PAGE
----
What are the objectives of load testing?

4 min read
Mar 24, 2022 2:56:00 PM

Why are you doing load testing? We often repeat that load testing is essential and a load test process doesn't appear from anywhere. A strategy backs it up. What are the load testing objectives? That's what we are to answer in this article.

When you set out on a load-testing exercise of your web application, there are several metrics you will look to measure. The gathered data will assist you in uncovering and ultimately resolving potential problems in the application’s performance, which can be costly. Not everything needs to be measured, but the following metrics are worth considering.


Transaction Response TimeTransaction response time

How long does each transaction in your user journey take to respond? Examples of a transaction could be logging into the system, adding an item to a shopping cart, or completing the checkout process. If a transaction comprises multiple API calls, these can be grouped to get an overall indication of the response time for a particular transaction or analyzed individually.

It is common for the average transaction response time to be measured and reported during load testing. While this metric has some merit, you should know its limitations. An average response time can be easily skewed by one or two data outliers, resulting in a false impression that the response time is far greater (or smaller) than the reported one.

response time percentiles

A much better metric to use for response time is the nth percentile. Most load testing tools will report transaction response times on various percentiles, such as the 70th, 80th, and 90th percentile. This metric reads as “90% of transactions completed in this time or less” and paints a far more accurate description of the system's response time and overall performance that users will experience.


Application Throughput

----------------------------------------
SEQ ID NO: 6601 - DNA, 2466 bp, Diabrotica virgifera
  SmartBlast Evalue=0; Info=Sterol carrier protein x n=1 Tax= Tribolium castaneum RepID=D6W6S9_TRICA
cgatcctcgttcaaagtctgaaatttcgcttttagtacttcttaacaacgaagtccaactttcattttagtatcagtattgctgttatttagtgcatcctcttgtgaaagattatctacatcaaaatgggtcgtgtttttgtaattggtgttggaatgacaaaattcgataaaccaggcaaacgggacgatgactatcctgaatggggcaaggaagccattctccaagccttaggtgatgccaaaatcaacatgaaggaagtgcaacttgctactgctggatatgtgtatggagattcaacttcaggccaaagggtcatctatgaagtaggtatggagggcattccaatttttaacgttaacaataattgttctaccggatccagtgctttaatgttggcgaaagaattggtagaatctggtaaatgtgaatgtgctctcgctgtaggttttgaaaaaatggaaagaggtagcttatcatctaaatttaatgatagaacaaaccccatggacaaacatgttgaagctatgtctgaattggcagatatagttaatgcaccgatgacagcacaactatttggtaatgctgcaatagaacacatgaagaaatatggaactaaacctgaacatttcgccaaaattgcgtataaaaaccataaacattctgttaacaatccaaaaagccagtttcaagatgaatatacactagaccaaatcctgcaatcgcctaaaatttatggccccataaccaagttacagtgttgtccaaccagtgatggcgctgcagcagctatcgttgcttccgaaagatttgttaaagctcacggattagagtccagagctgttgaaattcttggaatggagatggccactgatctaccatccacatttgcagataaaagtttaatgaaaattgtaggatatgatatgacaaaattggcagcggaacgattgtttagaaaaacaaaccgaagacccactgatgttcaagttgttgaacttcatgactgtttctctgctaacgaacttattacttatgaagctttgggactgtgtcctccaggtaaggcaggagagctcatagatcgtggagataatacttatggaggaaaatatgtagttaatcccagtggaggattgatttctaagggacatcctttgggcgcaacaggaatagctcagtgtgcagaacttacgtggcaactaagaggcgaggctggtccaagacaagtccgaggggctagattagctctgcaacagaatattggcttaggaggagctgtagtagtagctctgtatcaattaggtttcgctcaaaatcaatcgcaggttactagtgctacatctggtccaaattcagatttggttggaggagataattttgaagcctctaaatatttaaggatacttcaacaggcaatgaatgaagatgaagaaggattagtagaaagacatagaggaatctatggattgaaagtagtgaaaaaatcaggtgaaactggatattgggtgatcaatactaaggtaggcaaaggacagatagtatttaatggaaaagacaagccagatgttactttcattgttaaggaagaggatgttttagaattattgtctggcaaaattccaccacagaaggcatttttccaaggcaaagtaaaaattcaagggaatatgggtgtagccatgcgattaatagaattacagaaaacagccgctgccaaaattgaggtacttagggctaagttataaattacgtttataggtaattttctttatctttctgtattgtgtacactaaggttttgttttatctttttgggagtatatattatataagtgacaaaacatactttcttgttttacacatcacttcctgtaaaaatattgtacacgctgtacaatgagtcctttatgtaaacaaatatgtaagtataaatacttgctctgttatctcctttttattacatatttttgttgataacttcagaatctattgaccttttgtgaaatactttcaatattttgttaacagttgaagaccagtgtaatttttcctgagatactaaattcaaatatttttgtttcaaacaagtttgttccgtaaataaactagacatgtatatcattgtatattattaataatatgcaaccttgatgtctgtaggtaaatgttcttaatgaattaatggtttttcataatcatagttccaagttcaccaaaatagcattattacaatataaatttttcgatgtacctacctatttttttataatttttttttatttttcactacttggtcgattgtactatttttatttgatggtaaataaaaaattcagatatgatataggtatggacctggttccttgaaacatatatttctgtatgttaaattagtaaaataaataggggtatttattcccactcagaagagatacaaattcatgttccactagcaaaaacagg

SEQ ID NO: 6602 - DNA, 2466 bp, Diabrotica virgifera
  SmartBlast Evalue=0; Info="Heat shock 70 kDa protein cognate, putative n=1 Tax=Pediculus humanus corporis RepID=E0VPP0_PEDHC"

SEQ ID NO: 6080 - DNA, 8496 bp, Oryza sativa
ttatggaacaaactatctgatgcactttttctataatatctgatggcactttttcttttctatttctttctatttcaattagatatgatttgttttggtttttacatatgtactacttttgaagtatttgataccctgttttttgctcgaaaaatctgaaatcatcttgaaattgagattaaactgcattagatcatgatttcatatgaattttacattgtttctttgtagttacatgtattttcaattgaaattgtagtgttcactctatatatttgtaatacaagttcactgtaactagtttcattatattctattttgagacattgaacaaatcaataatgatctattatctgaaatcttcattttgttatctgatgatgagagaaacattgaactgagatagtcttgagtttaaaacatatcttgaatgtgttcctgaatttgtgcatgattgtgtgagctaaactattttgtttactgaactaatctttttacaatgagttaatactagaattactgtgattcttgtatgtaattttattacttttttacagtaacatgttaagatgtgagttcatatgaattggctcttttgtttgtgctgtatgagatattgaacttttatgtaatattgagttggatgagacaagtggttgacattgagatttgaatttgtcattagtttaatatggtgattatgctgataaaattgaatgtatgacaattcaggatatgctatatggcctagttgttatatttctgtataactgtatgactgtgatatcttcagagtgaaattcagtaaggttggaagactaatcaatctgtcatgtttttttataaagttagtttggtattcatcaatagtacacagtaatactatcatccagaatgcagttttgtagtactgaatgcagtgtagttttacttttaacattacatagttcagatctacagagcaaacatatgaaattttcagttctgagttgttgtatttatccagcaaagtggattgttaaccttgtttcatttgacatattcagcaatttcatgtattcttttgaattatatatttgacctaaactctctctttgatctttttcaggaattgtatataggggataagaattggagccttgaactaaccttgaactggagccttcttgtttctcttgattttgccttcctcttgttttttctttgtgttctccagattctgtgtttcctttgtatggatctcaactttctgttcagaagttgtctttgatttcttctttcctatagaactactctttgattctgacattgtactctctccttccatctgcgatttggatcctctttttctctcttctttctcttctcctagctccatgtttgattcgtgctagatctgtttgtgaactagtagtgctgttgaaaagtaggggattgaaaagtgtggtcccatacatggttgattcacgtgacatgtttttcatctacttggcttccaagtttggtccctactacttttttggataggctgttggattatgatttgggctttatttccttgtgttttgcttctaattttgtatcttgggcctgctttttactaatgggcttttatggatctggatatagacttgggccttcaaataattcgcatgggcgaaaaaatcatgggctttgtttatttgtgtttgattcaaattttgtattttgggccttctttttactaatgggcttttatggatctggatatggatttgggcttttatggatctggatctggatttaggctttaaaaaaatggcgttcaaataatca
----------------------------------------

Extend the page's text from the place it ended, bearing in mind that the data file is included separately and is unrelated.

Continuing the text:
This measures the number of transactions that can be put through the system over a specified period (typically measured in transactions per second). The throughput of a system will indicate how much traffic the system can effectively process over any given period.

Error Rate

When an application runs at different levels of load and throughput, this metric will indicate how many errors are occurring. You can also differentiate by the types of errors that occur at different loads. Examples of error types include timeouts, bad requests, or deadlocks due to too many processes attempting to access the same resource concurrently.

Server Resource Utilization 

During the execution of the load test, it is crucial to instrument and measure the performance of the backend systems that make up the application. Dedicated system monitoring tools carry out this instrumentation. Examples of metrics that will be measured for server resource utilization include CPU % used, memory % used, network I/O, etc.

We have now identified some of the criteria we might use to measure the performance of a system through load testing. With that in mind, there are three distinct, common objectives that you may aim to achieve through your load-testing efforts:



Suppose you are about to take out a mainstream advertisement or envisage your customer base will expand significantly in the next six to 12 months. Here, the objective of the load test is to assess whether your current system can support this anticipated increase in load while still operating at a satisfactory level of performance.




When a system has experienced a major outage, it can be necessary to recreate this situation in a controlled environment. With appropriate monitoring orchestration of the system, the data produced from load testing can be used to identify performance bottlenecks. Subsequently, the same load test can determine the effectiveness of the performance fixes introduced to remedy these issues.




A robust load-testing strategy allows you to train your system’s ability to handle different situations before these occur. A common load-testing objective is to assess the effectiveness of your deployment, monitoring, and operational procedures. Adjustments can be made as necessary, with additional load-test scenarios executed to assess their impact.



If you think of launching load tests for your website, consider what you want to achieve first. Defining your load testing objectives will be key to defining your tests, scenarios, and, ultimately, your potential optimizations to improve your business.

Using Gatling, you will find detailed reporting with the most valuable metrics for your load test. Visit our website to learn more about our solutions.